Why China May Win The Space Race

Submitted by Denison Smith,

Recently, Elon Musk – the same “political grandstander” that once stormed out of President Trump’s advisory councils and said he doesn’t have the right character to be the leader of the free world – tweetstormed the president about having China impose the “same [low automobile] import duties, ownership constraints & other factors” as the United States.

Funny thing, though: Musk is doing more to empower the Chinese government than nearly anyone else in the country. The quality of his products emits more of a “Made in China” feel than they do a "Made in America" one, and their shocking unreliability is risking our diplomatic standing on the global sphere.

Last week, CNBC reported that current and former employees of Musk’s Tesla have found the company is “manufacturing a surprisingly high ratio of flawed parts and vehicles.” One of the company’s workers predicted that 40 percent of the parts flowing through Tesla’s Fremont factory require repair, while another said that the “defect rate is so high that it’s hard to hit production targets.”

Although Tesla’s travails may disappoint the 400,000 customers that have reserved Model 3s, at least these issues don’t empower rogue nations like China at our expense. That’s a problem that SpaceX  - Musk’s aerospace company - and its Deep State backers are already instigating.

Around the same time that Tesla’s quality control problems were exposed, SpaceX’s unreliability was highlighted by NASA in a public summary report of its high-profile 2015 explosion.

The document stated that Musk’s brainchild implemented rocket parts “without adequate screening or testing of the industrial grade part, without regard to the manufacturer’s recommendations for a 4:1 factor of safety when using their industrial grade part in application, and without proper modeling or adequate load testing of the part under predicted flight conditions.”

We can only assume that the succeeding failed missions SpaceX was a part of were due to similar degrees of carelessness. Disturbing findings from the Defense Department's Inspector General and NASA's Aersopace Safety Advisory Panel don't help to alleviate these negative speculations.

Despite knowing about the ostensible wounds Musk has imposed on our national security, last Thursday Pentagon staffers provided SpaceX with yet another near-$300 million contract to launch a military GPS satellite – a brow-raising decision that may have significant implications on our national security.

Upon hearing the news, leaders from the People’s Republic of China must have laughed with glee. By providing more high-priced contracts to SpaceX, American appropriators are exacerbating the growing disparity in space readiness between China and the United States. That’s alarming because according to Rick Fisher, the country’s goal is “to achieve control of low earth orbit in order to defeat the United States on Earth.”

China recognizes that the United States’ space presence is one of the things that make it the dominant military power that it is today. The country's political class rightfully believes that gaining an edge in space will give them the ability to gauge what its adversaries are doing. Defeating the United States in the upper reaches will allow China to gain improved leverage over matters relating to international economics and diplomacy, and, perhaps eventually, make it the world's newest superpower. That’s why the country has proposed tripling their annual spending on space investment – it will do whatever it takes to get ahead.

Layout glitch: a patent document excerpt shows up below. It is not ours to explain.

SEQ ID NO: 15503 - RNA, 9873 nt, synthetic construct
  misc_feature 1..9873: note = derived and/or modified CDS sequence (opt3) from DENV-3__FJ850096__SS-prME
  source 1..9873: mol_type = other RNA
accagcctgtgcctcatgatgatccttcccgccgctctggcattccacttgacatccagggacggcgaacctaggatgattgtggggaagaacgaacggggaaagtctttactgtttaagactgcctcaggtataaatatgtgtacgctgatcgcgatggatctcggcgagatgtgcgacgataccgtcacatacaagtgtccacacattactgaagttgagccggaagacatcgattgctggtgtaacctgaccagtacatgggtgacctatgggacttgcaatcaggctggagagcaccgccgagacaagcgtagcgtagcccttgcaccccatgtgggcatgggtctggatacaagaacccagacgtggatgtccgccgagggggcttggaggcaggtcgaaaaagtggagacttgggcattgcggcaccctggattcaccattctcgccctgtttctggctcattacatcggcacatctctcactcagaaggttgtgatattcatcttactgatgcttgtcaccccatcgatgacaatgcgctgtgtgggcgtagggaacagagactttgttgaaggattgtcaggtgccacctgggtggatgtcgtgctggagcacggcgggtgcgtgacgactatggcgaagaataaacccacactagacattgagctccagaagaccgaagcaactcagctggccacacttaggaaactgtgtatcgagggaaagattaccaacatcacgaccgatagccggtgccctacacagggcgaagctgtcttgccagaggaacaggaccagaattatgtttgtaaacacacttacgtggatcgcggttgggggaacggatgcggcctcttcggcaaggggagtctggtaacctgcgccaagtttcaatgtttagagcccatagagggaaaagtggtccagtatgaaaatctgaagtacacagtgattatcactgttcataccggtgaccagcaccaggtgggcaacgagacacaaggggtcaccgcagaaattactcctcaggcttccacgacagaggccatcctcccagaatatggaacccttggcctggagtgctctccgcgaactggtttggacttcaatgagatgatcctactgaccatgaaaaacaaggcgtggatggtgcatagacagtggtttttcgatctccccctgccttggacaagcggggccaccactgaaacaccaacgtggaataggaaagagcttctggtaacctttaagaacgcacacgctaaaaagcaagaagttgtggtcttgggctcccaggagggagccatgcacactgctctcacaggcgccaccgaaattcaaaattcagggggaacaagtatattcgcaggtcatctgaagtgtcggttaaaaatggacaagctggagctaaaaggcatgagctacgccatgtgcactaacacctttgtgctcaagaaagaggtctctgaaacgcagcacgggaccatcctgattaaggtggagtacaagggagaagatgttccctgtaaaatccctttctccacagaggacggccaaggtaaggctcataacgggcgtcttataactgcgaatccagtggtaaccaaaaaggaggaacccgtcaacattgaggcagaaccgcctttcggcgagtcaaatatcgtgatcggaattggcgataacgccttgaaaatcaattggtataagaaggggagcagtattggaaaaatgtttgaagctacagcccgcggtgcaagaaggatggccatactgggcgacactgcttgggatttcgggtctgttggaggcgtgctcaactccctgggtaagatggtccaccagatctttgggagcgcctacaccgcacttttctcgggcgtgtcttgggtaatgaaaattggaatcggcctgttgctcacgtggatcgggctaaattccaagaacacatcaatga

As things stands now, China is projected to climb ahead of the United States. The country is currently expected to reach Mars within a few years at a time when our government is becoming increasingly dependent on explosion-inducing, delay-ridden companies like SpaceX to get us there by 2022.

While China's leaders emit rays of confidence about their abilities, contractors like Musk are remarking that the prospect of their companies not causing launch pad damage should be considered a national win. It’s no wonder why the US Air Force has expressed concern about what it sees as the US's “50-year journey” to reach the stars, which pales in comparison to China’s fast-paced “ten-year plan.”

Utilizing SpaceX to the extent that the United States has over the past four years has likely already set the country back significantly in the international space race. China’s ambition and high bar for rapid success is not leaving us with much more of a failure cushion.

There are more reliable contractors available. It's crucial that the government uphold standards that will propel our program forward. The strength of our national defense is counting on it.

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Denison Smith is chairman of Longevity Health Foundation, a new start-up devoted to lowering health care costs through research and education.  Smith is a former assistant attorney general for the state of Idaho, staffer for Sen. James McClure (R-Idaho), and trustee of the Reason Foundation.  He has over three decades of experience in investment banking, including as the former regional vice president of the Pioneer Fund of Boston, the fourth oldest mutual fund in the United States.